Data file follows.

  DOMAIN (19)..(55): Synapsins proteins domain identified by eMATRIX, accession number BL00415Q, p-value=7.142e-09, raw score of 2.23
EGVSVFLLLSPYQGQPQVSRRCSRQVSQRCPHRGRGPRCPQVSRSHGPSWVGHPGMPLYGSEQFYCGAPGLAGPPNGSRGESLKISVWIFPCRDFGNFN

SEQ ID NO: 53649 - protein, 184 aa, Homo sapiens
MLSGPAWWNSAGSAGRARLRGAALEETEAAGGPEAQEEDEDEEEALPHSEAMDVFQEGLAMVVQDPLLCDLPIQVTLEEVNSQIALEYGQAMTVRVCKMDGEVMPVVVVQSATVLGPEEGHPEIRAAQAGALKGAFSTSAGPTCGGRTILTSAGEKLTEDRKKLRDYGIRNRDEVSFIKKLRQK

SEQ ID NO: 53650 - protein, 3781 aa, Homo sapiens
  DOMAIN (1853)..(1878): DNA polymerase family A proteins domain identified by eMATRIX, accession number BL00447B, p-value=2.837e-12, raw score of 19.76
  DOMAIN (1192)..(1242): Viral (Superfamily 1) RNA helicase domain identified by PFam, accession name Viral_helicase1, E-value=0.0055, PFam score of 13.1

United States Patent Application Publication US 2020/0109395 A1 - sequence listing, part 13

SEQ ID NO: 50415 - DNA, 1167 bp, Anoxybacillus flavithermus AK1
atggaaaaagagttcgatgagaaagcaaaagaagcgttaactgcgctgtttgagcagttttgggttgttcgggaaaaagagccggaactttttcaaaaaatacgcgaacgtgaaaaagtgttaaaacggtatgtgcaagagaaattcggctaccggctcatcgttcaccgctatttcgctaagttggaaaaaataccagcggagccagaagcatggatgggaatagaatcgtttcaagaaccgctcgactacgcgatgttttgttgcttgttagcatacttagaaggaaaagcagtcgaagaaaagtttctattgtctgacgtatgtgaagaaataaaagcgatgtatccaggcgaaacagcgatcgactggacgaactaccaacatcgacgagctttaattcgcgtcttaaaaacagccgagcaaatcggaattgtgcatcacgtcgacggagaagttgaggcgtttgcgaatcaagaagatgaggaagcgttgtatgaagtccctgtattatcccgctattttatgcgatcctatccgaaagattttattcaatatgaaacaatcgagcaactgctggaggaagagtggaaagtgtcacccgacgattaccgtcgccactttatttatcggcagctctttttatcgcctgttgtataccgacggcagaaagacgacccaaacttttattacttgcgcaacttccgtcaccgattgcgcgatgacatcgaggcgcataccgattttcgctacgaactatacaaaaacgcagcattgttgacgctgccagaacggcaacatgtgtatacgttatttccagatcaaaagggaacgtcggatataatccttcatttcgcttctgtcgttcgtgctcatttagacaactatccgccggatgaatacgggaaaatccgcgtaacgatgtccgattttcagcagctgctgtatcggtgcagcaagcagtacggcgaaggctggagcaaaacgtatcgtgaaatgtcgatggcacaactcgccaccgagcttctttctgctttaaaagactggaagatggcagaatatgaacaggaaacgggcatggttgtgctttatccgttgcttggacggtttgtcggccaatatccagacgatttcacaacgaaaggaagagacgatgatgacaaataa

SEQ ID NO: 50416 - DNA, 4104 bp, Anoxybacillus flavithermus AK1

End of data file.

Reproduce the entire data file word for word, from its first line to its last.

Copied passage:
  DOMAIN (19)..(55): Synapsins proteins domain identified by eMATRIX, accession number BL00415Q, p-value=7.142e-09, raw score of 2.23
EGVSVFLLLSPYQGQPQVSRRCSRQVSQRCPHRGRGPRCPQVSRSHGPSWVGHPGMPLYGSEQFYCGAPGLAGPPNGSRGESLKISVWIFPCRDFGNFN

SEQ ID NO: 53649 - protein, 184 aa, Homo sapiens
MLSGPAWWNSAGSAGRARLRGAALEETEAAGGPEAQEEDEDEEEALPHSEAMDVFQEGLAMVVQDPLLCDLPIQVTLEEVNSQIALEYGQAMTVRVCKMDGEVMPVVVVQSATVLGPEEGHPEIRAAQAGALKGAFSTSAGPTCGGRTILTSAGEKLTEDRKKLRDYGIRNRDEVSFIKKLRQK

SEQ ID NO: 53650 - protein, 3781 aa, Homo sapiens
  DOMAIN (1853)..(1878): DNA polymerase family A proteins domain identified by eMATRIX, accession number BL00447B, p-value=2.837e-12, raw score of 19.76
  DOMAIN (1192)..(1242): Viral (Superfamily 1) RNA helicase domain identified by PFam, accession name Viral_helicase1, E-value=0.0055, PFam score of 13.1

United States Patent Application Publication US 2020/0109395 A1 - sequence listing, part 13

SEQ ID NO: 50415 - DNA, 1167 bp, Anoxybacillus flavithermus AK1
atggaaaaagagttcgatgagaaagcaaaagaagcgttaactgcgctgtttgagcagttttgggttgttcgggaaaaagagccggaactttttcaaaaaatacgcgaacgtgaaaaagtgttaaaacggtatgtgcaagagaaattcggctaccggctcatcgttcaccgctatttcgctaagttggaaaaaataccagcggagccagaagcatggatgggaatagaatcgtttcaagaaccgctcgactacgcgatgttttgttgcttgttagcatacttagaaggaaaagcagtcgaagaaaagtttctattgtctgacgtatgtgaagaaataaaagcgatgtatccaggcgaaacagcgatcgactggacgaactaccaacatcgacgagctttaattcgcgtcttaaaaacagccgagcaaatcggaattgtgcatcacgtcgacggagaagttgaggcgtttgcgaatcaagaagatgaggaagcgttgtatgaagtccctgtattatcccgctattttatgcgatcctatccgaaagattttattcaatatgaaacaatcgagcaactgctggaggaagagtggaaagtgtcacccgacgattaccgtcgccactttatttatcggcagctctttttatcgcctgttgtataccgacggcagaaagacgacccaaacttttattacttgcgcaacttccgtcaccgattgcgcgatgacatcgaggcgcataccgattttcgctacgaactatacaaaaacgcagcattgttgacgctgccagaacggcaacatgtgtatacgttatttccagatcaaaagggaacgtcggatataatccttcatttcgcttctgtcgttcgtgctcatttagacaactatccgccggatgaatacgggaaaatccgcgtaacgatgtccgattttcagcagctgctgtatcggtgcagcaagcagtacggcgaaggctggagcaaaacgtatcgtgaaatgtcgatggcacaactcgccaccgagcttctttctgctttaaaagactggaagatggcagaatatgaacaggaaacgggcatggttgtgctttatccgttgcttggacggtttgtcggccaatatccagacgatttcacaacgaaaggaagagacgatgatgacaaataa

SEQ ID NO: 50416 - DNA, 4104 bp, Anoxybacillus flavithermus AK1